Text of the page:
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Despite many of us House members’ requests not to do it, and in an unusual and objectionable move, House leaders brought a bill to the floor containing 2 entirely different subjects: one I opposed and the other I supported. A procedural vote was required to bring this to the floor and I voted No. There were enough No’s that the bill did not come to the floor.

I enthusiastically support most of the second part of this bill, which concerned medical freedom and privacy. It protected employees from having to show an employer a vaccine passport for a COVID-19 vaccination. It prohibited discrimination against anyone based on COVID vaccination status, whether it be isolating, requiring a mask or testing or any other action. And, it prohibited an employer from inquiring into an employee’s COVID vaccination status or keeping a record of it. All of this I have fought for Iowans to have. I have fought for protection of Iowans’ 4th Amendment right to be free in their person and effects from unreasonable searches.


However, it also left it open to question whether an insurance company could raise premium rates on an unvaccinated (COVID) person. In addition, the language appeared to cede to the federal government the power to set health care law, which is not a power given to the federal government in the U.S. Constitution. In short, we need the original Medical Freedom and Privacy Act originally introduced and passed by committee earlier in the session.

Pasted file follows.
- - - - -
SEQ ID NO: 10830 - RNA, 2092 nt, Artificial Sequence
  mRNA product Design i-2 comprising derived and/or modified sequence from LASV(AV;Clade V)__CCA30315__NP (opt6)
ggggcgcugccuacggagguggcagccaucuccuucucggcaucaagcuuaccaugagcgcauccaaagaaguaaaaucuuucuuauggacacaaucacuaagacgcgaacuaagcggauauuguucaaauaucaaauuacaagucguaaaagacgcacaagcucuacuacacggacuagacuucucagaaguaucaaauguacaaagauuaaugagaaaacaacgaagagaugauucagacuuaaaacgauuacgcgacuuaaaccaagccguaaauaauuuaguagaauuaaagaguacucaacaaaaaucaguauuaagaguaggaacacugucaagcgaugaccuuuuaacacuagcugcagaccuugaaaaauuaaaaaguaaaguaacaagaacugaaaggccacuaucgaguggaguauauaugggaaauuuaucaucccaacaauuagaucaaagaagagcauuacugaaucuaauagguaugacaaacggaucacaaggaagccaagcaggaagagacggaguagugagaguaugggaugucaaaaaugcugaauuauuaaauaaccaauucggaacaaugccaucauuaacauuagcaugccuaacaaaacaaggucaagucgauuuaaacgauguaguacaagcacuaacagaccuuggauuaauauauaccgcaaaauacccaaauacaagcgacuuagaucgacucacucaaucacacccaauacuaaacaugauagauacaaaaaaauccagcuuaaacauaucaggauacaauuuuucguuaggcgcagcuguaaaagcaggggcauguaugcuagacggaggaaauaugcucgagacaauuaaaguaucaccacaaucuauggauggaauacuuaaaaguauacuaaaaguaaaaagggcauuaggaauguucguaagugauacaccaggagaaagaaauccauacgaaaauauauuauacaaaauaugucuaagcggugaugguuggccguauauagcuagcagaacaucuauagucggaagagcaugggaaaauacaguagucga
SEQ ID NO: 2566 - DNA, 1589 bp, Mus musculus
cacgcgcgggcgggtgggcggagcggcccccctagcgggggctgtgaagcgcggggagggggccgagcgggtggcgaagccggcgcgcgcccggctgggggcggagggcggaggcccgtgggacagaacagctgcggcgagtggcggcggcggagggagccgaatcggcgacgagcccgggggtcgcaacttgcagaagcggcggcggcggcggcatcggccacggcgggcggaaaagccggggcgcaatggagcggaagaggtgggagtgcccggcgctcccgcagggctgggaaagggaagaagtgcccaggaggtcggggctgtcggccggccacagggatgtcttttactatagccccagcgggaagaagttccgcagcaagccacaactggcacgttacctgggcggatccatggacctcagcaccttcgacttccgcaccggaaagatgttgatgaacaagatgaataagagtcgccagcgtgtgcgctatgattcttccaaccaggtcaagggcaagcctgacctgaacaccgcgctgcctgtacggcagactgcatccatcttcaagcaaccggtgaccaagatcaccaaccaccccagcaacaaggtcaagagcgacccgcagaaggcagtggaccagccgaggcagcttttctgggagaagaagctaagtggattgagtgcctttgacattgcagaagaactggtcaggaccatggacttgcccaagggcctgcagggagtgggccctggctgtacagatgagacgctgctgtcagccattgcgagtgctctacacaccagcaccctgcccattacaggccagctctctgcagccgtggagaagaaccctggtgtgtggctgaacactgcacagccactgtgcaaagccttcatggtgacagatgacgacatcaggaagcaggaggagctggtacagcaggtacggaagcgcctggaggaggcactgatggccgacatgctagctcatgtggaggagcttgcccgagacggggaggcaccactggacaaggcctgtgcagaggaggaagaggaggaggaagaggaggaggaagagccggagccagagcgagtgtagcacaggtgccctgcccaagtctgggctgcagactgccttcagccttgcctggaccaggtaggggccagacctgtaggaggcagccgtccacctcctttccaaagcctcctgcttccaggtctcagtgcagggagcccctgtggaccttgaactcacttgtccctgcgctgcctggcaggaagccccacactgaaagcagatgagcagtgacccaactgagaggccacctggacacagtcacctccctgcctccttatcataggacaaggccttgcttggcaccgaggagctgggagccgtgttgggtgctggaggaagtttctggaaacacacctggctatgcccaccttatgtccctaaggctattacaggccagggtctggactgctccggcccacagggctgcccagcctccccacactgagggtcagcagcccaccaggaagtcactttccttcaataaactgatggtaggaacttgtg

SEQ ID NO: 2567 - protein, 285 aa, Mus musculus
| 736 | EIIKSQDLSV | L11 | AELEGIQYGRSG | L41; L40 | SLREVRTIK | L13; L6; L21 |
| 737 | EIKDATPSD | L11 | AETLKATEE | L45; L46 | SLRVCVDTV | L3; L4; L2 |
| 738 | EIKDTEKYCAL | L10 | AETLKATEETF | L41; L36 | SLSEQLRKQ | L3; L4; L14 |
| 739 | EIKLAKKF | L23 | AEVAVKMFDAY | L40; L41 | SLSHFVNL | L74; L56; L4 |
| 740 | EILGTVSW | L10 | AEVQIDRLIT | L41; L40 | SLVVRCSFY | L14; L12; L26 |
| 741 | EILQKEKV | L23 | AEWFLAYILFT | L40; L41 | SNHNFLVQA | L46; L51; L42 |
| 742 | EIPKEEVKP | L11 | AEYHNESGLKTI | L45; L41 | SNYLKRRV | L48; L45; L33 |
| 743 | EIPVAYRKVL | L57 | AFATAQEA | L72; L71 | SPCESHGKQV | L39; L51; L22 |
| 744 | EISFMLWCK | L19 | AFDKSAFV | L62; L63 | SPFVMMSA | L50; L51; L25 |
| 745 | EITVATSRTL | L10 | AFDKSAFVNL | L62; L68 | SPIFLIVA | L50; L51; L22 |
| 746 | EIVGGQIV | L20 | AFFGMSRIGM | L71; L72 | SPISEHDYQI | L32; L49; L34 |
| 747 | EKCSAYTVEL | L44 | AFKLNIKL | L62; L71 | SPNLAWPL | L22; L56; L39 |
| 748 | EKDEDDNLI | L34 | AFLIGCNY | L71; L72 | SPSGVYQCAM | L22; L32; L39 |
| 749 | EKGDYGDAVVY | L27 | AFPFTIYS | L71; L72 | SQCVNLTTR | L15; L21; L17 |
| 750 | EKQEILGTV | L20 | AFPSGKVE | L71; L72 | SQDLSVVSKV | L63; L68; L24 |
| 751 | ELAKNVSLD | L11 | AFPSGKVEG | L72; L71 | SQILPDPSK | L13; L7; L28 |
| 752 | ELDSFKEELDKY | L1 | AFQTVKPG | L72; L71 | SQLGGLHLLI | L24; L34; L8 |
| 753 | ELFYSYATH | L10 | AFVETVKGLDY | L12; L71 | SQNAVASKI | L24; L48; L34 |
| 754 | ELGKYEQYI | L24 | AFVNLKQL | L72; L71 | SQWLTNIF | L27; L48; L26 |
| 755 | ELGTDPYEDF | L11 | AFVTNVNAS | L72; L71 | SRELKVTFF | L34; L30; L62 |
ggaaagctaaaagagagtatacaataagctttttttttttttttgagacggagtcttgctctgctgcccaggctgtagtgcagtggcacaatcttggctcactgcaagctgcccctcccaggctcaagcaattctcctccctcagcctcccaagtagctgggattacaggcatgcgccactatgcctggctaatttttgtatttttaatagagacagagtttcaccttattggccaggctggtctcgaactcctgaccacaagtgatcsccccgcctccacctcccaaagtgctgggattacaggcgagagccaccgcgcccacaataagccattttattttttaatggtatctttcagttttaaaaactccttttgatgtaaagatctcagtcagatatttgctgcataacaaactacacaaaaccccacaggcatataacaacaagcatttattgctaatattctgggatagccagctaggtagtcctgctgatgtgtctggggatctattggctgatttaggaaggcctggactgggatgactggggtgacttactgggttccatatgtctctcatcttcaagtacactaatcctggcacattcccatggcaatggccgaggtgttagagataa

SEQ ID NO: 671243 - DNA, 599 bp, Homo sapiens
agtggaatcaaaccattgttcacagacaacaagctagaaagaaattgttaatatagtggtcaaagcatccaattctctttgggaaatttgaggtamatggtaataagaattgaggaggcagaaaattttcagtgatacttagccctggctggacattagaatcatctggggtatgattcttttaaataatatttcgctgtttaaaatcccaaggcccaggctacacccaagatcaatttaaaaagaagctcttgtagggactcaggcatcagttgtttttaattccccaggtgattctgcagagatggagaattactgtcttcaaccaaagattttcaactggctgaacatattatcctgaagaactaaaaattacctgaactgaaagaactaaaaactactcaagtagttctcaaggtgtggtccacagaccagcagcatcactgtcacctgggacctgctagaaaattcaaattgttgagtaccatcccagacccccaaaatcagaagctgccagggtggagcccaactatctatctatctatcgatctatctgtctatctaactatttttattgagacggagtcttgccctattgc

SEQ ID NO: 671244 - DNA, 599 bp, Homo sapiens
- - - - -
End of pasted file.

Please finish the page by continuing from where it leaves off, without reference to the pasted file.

But the first part of the bill dealing with trucker liability reform I absolutely cannot support. This bill had a hard cap of $1 million on non-economic damages, which for all practical purposes, in certain cases, denies no-or-low-income Iowans that sustain egregious injuries or death due to an accident with a commercial vehicle that is not their fault their 7thAmendment right to a jury trial. This hard cap will cut off access to the courts for the worst cases, the cases that need justice the most. Iowans expect us to protect victims: that’s what a right to a jury trial is all about. You can’t put a price on a life, especially if you have not heard the facts of each unique case. This is the job of the judicial branch, not the legislative branch.

What I really hate is trading one constitutional right for another. That’s what we would have done here had this bill passed. We were being forced to choose between our 7th Amendment right and our 4th Amendment right. Having to make that choice is reprehensible and unconscionable. This is not the place for compromise. As legislators we swore an oath to uphold all of our constitutional rights and that is what we ought to be doing. So I voted No to keep from losing our 7th Amendment constitutional right. And I look forward to supporting our 4th Amendment constitutional rights in the future.

Author: Sandy Salmon

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  1. Sandy Salmon’s comments on trading one Constitutional right for another are succinct, principled, and accurate. Leadership loses sight of Constitutional principles a bit more quickly than well grounded Representatives because they are trying to craft a bill that forces the reluctant to vote YES. Stick with single subject bills and full transparency. That will reflect the will of We the People best.

    Good work, Representative Salmon!
    Steve King


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